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When it comes to asking big questions, how big is space is the biggest one. To the best knowledge of astronomers, space is infinite. We can not observe a small portion of all of the universe. We are only able to see the tiny bite that has emitted light that has been able to reach us. What is even more daunting is the fact that the universe is still expanding; therefore, getting bigger as we speak.
The observable universe(measured by the cosmic microwave background radiation) is 13.7 billion years old. That might make you think that it space’s radius is nearly 14 billion light years. That is more than likely not true. It is hard to quantify the rate of expansion of space from the beginning until now. We have to consider the co-moving distance. Sorry, but we really do. The currently most quoted estimate of the minimum radius of the universe is 78 billion light years. Less than that and light would have had time to circumnavigate the cosmos. Truthfully, no one has a clue.
Let’s try to do some math that would put it in perspective. In one year light will travel 9.46 trillion km. Multiply that by the age of the universe. Let’s see, that is 9.46 trillion multiplied by 14 billion years. Well, I called it simple math, but, obviously, I was not being serious. I had to stop doing the math before I passed out.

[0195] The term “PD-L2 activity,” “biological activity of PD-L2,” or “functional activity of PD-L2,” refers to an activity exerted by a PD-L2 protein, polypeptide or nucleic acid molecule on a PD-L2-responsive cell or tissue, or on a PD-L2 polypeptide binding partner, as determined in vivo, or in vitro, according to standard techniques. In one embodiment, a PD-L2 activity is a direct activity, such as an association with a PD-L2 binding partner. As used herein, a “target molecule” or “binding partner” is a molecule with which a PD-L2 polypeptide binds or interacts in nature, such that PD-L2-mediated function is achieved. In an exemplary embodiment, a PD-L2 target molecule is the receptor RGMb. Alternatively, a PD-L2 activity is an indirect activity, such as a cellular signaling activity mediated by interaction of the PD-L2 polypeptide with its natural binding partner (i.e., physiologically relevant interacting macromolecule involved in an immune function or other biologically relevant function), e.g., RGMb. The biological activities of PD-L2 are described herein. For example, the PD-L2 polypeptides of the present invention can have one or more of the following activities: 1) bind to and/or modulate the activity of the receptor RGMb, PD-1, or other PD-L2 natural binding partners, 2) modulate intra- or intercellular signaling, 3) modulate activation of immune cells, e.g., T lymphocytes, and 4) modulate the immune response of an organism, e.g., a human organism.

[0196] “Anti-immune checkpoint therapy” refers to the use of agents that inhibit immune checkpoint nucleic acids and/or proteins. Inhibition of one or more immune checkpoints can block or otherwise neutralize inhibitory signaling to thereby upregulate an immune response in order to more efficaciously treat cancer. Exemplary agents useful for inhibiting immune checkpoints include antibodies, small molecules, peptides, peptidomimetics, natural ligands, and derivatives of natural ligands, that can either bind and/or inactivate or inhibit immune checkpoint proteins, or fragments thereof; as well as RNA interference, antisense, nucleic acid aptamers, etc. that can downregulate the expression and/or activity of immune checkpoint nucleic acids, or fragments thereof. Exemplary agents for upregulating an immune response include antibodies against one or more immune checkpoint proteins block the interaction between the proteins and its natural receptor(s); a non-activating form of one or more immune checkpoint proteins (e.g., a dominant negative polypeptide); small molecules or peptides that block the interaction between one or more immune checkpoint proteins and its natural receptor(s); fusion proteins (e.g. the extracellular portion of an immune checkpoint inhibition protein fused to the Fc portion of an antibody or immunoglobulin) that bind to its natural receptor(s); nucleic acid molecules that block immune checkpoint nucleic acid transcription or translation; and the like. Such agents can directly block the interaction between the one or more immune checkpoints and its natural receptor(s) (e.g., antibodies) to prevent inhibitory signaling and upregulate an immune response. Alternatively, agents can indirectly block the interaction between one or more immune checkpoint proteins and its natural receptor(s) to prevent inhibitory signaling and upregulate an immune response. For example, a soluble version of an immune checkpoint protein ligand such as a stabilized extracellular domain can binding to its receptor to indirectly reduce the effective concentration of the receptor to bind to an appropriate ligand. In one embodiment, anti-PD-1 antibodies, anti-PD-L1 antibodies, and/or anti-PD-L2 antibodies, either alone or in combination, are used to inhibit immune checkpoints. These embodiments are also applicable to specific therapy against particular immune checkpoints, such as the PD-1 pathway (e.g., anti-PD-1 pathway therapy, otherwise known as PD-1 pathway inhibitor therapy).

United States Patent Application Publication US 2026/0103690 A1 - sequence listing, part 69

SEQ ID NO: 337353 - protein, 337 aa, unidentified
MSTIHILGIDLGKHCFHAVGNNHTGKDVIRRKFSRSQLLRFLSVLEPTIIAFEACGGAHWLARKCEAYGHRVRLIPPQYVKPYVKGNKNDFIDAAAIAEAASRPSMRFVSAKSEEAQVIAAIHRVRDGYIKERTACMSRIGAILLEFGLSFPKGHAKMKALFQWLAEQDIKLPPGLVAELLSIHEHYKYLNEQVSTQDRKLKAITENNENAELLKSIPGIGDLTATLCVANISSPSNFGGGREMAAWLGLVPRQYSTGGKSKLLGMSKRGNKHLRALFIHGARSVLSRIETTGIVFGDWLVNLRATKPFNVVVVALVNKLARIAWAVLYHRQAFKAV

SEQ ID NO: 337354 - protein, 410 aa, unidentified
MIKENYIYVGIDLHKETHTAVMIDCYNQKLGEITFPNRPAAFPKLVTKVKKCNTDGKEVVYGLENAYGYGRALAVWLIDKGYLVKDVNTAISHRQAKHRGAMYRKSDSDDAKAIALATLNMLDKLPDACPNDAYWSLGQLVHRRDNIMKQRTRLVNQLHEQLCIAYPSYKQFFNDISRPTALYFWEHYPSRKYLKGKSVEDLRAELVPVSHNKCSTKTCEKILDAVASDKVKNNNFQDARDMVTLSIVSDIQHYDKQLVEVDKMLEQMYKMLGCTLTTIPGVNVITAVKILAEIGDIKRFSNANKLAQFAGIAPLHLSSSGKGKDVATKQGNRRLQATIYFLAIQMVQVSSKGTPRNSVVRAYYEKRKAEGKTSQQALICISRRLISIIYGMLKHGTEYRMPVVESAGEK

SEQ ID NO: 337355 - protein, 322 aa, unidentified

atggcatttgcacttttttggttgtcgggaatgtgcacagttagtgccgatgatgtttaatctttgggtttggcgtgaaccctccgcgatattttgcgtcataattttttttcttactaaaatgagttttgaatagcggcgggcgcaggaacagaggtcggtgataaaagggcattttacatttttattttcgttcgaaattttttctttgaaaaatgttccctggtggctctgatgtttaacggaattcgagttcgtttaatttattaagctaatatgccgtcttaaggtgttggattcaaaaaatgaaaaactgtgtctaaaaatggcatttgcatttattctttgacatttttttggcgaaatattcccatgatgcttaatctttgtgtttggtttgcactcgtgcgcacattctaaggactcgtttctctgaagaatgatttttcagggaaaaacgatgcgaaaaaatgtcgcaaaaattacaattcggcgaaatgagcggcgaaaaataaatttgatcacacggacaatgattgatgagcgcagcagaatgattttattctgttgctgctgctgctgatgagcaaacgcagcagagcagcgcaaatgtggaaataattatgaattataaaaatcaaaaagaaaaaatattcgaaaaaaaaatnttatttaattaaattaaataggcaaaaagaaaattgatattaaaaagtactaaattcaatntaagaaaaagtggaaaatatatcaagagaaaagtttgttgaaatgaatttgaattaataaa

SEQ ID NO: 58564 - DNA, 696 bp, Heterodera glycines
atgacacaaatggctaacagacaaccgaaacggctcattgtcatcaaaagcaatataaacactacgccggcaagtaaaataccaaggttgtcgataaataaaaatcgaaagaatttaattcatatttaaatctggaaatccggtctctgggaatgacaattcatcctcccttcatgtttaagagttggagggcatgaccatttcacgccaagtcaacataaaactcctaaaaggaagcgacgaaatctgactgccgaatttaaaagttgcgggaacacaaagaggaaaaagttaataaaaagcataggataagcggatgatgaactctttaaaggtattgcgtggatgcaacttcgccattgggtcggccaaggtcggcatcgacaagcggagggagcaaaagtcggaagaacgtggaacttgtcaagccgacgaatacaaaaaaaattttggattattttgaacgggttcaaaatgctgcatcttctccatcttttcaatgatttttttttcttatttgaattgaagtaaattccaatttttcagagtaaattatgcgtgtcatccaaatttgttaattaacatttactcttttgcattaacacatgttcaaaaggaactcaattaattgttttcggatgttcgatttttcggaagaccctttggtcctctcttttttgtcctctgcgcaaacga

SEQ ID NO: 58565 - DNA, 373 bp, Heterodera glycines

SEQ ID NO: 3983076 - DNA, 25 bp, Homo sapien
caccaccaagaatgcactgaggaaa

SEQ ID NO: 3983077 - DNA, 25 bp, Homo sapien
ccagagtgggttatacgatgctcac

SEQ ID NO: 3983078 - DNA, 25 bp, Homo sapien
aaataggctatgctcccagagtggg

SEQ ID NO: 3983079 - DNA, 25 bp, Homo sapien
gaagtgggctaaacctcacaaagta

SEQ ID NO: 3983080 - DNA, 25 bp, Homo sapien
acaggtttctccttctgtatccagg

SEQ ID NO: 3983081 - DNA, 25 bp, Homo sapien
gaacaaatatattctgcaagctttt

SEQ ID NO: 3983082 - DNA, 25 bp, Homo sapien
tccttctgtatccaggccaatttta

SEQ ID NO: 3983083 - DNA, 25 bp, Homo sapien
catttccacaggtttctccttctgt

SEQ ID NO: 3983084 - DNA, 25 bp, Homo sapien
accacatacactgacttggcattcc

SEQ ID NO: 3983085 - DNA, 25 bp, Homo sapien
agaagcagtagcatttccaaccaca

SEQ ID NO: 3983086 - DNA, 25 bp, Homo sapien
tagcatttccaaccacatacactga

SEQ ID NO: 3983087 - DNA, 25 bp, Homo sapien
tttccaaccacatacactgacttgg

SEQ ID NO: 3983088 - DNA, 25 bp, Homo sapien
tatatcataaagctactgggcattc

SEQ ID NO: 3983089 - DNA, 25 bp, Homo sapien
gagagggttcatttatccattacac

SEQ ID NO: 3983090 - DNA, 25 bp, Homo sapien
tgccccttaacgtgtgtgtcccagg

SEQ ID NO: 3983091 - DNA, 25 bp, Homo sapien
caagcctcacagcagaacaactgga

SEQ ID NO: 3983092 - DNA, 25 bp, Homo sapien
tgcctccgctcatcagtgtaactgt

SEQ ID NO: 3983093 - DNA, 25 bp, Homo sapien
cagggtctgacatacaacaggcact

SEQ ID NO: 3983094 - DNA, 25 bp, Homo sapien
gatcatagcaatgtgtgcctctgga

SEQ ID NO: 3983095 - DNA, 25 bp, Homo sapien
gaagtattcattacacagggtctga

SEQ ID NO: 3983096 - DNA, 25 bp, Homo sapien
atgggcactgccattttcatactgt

Astronomers learn more each day. As telescopes are improved and able to view deeper into space, we are able to see many light years farther away. Also, as emitted light reaches us our knowledge of things farther away come to light(pun intended). What we know about how big is space is nothing compared to what our knowledge will be in a mere 50 years.
We’ve recorded many episodes of Astronomy Cast, including one about Hubble. Check it out, Episode 88: The Hubble Space Telescope.